The International Air Transport Association has claimed they are aiming for a full air travel recovery come 2024. The 2024 date, while a year later than originally estimated, is ambitious but many airlines have been in consultation with the Transport Association to make their practices safe for a return to air travel.
Despite this the Association has claimed that it will be a turbulent time for airlines, with many operators continuing to burn through cash and planning for an uplift in seated air travel in the years following coronavirus the Association believes that the industry may overall slim down with many weaker operators disappearing.
“The demand and the revenues are not rising as quickly as expected so airlines are still burning cash,” IATA chief economist Brian Pearce told Executive Traveller. “The situation is deteriorating relative to what we had expected.”
Pearce also claimed that many airlines will need to have cash flow in order to restart quick once restrictions allow for the International tourism industry to start its recovery. He also indicated that positive cash flow will not return to airlines until at least 2021.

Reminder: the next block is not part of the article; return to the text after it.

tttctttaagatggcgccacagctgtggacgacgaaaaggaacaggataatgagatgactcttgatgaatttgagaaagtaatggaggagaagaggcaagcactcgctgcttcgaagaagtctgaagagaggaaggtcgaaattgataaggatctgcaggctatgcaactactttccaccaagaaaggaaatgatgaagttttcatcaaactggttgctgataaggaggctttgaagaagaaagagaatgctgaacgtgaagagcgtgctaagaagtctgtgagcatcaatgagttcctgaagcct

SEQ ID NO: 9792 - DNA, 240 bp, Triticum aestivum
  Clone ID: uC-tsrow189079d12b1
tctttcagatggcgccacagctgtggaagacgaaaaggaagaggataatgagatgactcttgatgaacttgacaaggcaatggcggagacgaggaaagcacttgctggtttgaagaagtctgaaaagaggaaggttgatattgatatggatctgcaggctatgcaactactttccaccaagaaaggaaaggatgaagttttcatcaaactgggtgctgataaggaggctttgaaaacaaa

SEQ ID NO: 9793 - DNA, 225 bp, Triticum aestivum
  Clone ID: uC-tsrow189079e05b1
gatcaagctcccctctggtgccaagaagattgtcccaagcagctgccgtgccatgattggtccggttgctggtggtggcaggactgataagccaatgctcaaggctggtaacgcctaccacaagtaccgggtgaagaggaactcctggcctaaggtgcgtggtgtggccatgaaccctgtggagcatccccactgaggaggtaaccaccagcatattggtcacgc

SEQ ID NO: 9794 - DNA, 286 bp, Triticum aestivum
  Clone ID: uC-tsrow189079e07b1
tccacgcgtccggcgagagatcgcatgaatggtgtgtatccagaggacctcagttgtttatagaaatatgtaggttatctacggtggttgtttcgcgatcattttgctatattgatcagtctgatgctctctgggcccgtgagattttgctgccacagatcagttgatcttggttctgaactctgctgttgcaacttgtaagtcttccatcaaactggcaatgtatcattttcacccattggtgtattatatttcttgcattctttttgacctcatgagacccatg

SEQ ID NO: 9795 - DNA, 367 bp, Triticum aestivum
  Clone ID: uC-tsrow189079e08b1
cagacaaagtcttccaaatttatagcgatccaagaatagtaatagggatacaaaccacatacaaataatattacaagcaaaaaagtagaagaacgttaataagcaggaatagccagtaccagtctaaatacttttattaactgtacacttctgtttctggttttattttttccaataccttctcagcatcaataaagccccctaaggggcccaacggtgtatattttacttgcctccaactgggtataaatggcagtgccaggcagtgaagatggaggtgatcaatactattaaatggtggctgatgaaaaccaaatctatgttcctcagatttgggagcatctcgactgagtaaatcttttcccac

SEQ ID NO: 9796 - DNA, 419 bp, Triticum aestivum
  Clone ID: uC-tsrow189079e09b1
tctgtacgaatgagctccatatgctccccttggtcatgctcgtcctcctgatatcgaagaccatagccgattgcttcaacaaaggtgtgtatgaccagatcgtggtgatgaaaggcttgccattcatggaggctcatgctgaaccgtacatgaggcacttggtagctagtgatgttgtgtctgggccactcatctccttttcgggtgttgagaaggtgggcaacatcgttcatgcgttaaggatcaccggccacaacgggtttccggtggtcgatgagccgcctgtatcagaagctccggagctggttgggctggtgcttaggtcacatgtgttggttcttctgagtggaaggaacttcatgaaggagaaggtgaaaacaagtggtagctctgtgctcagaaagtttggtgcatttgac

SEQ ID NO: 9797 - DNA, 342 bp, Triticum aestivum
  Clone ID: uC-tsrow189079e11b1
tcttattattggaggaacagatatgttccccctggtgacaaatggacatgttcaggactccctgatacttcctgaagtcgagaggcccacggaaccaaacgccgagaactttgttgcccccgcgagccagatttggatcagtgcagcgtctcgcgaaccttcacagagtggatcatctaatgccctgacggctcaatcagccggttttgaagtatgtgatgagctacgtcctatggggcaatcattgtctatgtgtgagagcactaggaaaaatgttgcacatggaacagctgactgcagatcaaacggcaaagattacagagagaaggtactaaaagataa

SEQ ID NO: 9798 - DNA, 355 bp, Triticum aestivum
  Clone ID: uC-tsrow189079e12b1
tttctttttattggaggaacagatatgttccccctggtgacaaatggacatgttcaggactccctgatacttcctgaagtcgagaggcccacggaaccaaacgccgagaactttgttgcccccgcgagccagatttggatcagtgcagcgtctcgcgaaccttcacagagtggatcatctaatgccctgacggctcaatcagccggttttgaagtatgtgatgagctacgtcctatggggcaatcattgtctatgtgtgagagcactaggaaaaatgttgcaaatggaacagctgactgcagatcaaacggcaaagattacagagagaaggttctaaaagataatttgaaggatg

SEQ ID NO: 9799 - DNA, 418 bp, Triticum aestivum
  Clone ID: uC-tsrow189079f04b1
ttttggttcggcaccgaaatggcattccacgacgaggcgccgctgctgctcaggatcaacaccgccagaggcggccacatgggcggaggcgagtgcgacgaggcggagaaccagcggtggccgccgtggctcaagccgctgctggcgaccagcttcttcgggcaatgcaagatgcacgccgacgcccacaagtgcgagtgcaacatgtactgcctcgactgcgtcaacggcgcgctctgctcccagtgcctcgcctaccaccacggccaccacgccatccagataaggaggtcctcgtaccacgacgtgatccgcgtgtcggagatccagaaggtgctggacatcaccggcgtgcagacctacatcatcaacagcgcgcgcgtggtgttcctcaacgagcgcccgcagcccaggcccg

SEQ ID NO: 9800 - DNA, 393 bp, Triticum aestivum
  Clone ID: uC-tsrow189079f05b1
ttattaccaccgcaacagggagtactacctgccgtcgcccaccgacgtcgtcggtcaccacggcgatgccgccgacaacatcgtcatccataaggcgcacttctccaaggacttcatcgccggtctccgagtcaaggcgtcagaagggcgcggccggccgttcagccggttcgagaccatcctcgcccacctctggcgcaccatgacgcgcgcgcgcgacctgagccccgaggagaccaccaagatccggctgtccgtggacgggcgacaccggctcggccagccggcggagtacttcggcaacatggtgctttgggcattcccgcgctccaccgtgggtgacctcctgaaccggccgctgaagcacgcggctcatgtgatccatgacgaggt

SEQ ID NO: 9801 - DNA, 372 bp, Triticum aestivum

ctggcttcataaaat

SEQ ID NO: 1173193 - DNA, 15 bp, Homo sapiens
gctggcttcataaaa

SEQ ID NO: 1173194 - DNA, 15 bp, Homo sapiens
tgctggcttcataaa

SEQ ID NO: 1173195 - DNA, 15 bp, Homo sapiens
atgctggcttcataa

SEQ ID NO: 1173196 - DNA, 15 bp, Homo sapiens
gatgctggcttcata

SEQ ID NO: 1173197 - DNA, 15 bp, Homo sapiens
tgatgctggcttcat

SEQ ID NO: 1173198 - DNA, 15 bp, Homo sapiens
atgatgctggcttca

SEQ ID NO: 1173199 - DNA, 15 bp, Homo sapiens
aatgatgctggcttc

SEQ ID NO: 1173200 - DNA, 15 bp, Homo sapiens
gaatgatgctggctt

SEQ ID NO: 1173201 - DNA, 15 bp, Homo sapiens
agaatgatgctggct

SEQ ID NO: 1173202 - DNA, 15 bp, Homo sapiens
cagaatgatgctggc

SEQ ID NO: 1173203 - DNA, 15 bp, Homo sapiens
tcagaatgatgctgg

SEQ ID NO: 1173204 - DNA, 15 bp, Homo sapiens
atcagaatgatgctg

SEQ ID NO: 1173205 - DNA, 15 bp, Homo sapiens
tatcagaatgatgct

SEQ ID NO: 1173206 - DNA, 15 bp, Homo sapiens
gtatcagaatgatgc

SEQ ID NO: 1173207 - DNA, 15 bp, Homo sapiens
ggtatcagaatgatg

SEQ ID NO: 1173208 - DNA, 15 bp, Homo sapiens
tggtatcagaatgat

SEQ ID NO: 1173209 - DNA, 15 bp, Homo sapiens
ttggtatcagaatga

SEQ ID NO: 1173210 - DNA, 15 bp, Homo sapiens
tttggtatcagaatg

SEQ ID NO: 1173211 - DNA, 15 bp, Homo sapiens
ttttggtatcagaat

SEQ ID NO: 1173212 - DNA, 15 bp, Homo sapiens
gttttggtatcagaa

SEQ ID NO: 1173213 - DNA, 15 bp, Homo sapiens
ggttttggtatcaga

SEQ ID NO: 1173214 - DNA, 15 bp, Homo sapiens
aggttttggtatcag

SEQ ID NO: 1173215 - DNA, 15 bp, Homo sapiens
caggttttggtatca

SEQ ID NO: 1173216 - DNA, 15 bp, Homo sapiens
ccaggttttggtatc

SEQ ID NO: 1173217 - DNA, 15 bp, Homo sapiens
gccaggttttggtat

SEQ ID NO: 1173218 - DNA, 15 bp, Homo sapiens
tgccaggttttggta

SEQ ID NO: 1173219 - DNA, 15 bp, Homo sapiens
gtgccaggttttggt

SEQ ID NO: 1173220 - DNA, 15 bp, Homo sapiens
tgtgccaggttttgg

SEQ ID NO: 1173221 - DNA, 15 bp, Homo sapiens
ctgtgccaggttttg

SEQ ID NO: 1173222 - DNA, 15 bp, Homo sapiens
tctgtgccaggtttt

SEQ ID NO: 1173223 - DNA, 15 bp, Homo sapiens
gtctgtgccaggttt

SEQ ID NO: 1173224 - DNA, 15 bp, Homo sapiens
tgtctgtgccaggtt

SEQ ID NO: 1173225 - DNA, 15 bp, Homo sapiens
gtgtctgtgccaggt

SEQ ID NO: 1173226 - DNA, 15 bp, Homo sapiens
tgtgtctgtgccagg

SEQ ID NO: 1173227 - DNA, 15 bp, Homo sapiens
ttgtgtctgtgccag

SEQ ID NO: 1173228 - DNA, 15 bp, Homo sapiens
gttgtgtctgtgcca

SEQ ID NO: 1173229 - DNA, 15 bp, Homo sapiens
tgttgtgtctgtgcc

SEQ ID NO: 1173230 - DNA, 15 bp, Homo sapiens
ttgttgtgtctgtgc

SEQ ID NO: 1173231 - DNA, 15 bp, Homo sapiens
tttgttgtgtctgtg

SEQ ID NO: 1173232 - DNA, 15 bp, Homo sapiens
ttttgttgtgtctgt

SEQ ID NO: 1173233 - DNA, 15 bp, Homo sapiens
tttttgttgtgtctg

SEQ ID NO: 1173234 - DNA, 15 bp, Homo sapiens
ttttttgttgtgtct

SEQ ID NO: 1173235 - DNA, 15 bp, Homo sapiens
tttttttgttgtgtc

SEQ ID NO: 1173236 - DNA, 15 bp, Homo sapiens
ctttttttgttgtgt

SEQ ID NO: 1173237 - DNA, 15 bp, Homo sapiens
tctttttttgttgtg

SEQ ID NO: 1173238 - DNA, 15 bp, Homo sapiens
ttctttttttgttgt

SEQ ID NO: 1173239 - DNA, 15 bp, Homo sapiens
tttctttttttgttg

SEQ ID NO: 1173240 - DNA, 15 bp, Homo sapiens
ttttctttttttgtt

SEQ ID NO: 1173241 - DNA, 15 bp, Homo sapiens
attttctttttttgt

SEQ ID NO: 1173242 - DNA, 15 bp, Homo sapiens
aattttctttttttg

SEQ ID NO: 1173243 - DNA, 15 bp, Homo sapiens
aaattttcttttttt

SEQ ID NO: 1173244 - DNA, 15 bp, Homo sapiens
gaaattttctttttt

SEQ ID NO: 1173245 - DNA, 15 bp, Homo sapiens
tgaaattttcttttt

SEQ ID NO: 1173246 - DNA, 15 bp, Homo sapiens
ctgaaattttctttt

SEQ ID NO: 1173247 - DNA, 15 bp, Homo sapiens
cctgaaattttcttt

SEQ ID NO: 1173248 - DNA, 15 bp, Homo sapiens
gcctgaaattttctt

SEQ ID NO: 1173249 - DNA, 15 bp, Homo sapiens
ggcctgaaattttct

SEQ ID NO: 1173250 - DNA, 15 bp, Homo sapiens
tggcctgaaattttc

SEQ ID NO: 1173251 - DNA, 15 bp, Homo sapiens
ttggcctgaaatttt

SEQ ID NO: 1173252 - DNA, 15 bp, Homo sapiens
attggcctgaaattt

It comes as data has revealed that air travel began to recover during June worldwide. Whilst travel has still been down 86% year on year that number is significantly lower than it was in the early months of the COVID19 pandemic. This has been attributed mostly to leisure travel starting to make a small comeback however it’s generally accepted that the leisure market will not make a full recovery until consumer confidence has been restored.
It’s estimated that business travel is largely not going to be able to recover until at minimum a COVID19 vaccine has been released. However many businesses are still planning for when essential international travel will be allowed again.